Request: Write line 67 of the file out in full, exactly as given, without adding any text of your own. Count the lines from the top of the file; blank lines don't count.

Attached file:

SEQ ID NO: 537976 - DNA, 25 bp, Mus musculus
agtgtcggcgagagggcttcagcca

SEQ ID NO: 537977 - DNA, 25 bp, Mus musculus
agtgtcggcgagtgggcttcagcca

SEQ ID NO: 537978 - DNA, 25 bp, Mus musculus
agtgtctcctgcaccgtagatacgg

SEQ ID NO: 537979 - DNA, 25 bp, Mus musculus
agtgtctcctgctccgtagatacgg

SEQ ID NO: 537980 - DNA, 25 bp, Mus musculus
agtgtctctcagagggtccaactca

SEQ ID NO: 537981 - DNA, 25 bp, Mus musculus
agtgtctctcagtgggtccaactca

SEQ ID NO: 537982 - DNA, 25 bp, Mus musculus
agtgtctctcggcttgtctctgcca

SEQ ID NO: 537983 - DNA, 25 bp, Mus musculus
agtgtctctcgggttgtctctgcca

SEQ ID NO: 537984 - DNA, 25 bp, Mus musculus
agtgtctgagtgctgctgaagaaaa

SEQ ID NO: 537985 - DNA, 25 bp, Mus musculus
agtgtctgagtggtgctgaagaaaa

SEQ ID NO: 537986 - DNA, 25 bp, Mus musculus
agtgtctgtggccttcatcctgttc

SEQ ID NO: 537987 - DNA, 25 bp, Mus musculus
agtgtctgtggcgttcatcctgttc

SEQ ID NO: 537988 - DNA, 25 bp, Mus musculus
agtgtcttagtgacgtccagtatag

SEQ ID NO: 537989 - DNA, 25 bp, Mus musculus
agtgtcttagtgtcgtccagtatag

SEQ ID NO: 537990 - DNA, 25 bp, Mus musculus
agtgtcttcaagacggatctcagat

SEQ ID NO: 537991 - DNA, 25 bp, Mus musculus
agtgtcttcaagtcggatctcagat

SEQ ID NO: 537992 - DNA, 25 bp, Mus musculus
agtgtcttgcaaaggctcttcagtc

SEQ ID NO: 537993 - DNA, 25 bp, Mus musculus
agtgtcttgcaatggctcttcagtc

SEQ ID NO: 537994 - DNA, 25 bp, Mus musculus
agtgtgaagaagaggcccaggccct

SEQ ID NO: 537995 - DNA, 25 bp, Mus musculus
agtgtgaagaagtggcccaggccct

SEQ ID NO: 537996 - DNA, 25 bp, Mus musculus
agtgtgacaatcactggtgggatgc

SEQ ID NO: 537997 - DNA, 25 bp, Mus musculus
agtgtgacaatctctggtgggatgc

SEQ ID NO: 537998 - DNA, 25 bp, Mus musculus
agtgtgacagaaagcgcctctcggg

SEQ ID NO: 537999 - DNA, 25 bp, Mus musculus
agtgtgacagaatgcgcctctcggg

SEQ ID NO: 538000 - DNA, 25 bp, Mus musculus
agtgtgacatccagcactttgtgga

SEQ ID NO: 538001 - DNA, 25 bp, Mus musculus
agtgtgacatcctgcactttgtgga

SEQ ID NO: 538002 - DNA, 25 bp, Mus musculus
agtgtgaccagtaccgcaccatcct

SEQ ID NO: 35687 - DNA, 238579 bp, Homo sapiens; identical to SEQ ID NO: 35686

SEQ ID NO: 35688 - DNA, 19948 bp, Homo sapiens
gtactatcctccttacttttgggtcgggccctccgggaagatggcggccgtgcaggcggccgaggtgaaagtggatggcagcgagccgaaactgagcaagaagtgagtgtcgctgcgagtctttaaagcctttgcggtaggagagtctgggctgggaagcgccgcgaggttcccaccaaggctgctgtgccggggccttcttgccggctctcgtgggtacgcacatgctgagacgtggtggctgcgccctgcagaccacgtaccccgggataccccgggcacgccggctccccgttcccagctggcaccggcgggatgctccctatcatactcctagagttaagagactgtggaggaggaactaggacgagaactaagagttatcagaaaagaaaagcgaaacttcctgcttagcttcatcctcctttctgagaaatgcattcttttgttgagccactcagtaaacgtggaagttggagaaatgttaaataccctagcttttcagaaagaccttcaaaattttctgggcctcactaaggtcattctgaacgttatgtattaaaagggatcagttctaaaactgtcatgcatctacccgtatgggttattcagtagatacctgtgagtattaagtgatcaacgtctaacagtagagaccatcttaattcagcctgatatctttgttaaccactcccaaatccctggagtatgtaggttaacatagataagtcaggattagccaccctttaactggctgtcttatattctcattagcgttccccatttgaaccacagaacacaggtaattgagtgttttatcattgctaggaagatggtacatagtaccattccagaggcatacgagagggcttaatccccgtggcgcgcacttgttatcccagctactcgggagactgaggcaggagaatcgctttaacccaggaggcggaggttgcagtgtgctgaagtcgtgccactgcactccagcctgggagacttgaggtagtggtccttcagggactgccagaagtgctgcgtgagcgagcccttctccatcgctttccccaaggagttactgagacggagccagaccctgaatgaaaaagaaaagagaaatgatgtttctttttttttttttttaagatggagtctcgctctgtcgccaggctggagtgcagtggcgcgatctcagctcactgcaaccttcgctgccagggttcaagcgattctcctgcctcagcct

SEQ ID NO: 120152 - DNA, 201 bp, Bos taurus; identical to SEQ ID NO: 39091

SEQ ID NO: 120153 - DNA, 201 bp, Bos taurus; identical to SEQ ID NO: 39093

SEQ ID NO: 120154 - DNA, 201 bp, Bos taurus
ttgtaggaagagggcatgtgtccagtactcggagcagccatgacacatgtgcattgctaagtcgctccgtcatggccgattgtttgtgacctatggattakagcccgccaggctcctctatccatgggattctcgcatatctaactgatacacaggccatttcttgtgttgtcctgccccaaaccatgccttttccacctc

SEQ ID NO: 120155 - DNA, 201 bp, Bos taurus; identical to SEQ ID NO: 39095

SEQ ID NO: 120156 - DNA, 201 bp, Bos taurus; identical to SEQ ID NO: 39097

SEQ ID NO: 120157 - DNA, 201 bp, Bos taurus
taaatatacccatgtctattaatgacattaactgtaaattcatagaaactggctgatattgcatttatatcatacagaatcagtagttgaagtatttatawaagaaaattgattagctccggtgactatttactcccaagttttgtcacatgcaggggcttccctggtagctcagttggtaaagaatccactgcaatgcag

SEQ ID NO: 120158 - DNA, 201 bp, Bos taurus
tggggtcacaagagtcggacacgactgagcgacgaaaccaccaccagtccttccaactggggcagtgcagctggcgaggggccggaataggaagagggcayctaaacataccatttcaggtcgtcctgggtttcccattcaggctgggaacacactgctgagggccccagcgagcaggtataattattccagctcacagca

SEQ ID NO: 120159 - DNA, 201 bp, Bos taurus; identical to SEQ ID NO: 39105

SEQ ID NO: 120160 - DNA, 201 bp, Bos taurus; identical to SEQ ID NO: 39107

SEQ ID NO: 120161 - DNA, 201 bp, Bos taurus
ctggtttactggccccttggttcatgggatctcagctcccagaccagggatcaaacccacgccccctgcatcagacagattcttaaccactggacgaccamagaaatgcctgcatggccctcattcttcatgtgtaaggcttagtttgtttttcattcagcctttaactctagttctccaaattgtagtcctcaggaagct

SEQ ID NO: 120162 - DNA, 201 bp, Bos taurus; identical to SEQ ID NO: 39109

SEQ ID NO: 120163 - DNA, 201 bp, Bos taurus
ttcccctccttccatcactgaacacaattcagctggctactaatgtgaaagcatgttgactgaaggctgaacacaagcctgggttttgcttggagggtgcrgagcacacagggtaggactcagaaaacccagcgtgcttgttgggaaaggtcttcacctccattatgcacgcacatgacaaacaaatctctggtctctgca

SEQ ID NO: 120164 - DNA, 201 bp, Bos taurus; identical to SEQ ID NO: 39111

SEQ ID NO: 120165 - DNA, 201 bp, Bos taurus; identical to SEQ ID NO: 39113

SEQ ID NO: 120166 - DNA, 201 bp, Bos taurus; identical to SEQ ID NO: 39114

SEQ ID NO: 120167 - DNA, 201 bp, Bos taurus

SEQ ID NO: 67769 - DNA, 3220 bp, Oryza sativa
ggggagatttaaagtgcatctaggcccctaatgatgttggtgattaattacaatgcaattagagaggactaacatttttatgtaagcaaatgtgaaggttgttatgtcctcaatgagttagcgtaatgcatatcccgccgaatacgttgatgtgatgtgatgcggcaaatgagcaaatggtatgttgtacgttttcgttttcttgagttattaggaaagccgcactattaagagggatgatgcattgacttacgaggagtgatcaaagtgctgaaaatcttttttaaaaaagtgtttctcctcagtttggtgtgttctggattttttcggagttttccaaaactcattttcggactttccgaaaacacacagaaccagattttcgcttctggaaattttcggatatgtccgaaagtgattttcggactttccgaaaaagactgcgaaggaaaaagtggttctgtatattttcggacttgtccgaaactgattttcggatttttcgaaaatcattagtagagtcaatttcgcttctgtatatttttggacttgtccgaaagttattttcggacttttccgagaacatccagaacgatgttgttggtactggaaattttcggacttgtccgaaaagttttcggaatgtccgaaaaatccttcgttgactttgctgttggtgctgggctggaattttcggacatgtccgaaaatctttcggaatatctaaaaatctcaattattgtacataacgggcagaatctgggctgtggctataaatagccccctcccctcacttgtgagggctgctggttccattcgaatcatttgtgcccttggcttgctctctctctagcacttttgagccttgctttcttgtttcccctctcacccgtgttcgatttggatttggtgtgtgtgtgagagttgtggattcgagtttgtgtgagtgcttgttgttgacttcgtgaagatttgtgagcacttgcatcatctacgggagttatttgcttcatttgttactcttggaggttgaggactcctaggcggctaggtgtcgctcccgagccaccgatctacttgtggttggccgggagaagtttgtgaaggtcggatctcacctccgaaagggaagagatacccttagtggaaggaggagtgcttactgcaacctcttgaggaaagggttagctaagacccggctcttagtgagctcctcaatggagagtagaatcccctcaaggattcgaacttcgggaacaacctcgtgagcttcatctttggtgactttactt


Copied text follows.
tggggtcacaagagtcggacacgactgagcgacgaaaccaccaccagtccttccaactggggcagtgcagctggcgaggggccggaataggaagagggcayctaaacataccatttcaggtcgtcctgggtttcccattcaggctgggaacacactgctgagggccccagcgagcaggtataattattccagctcacagca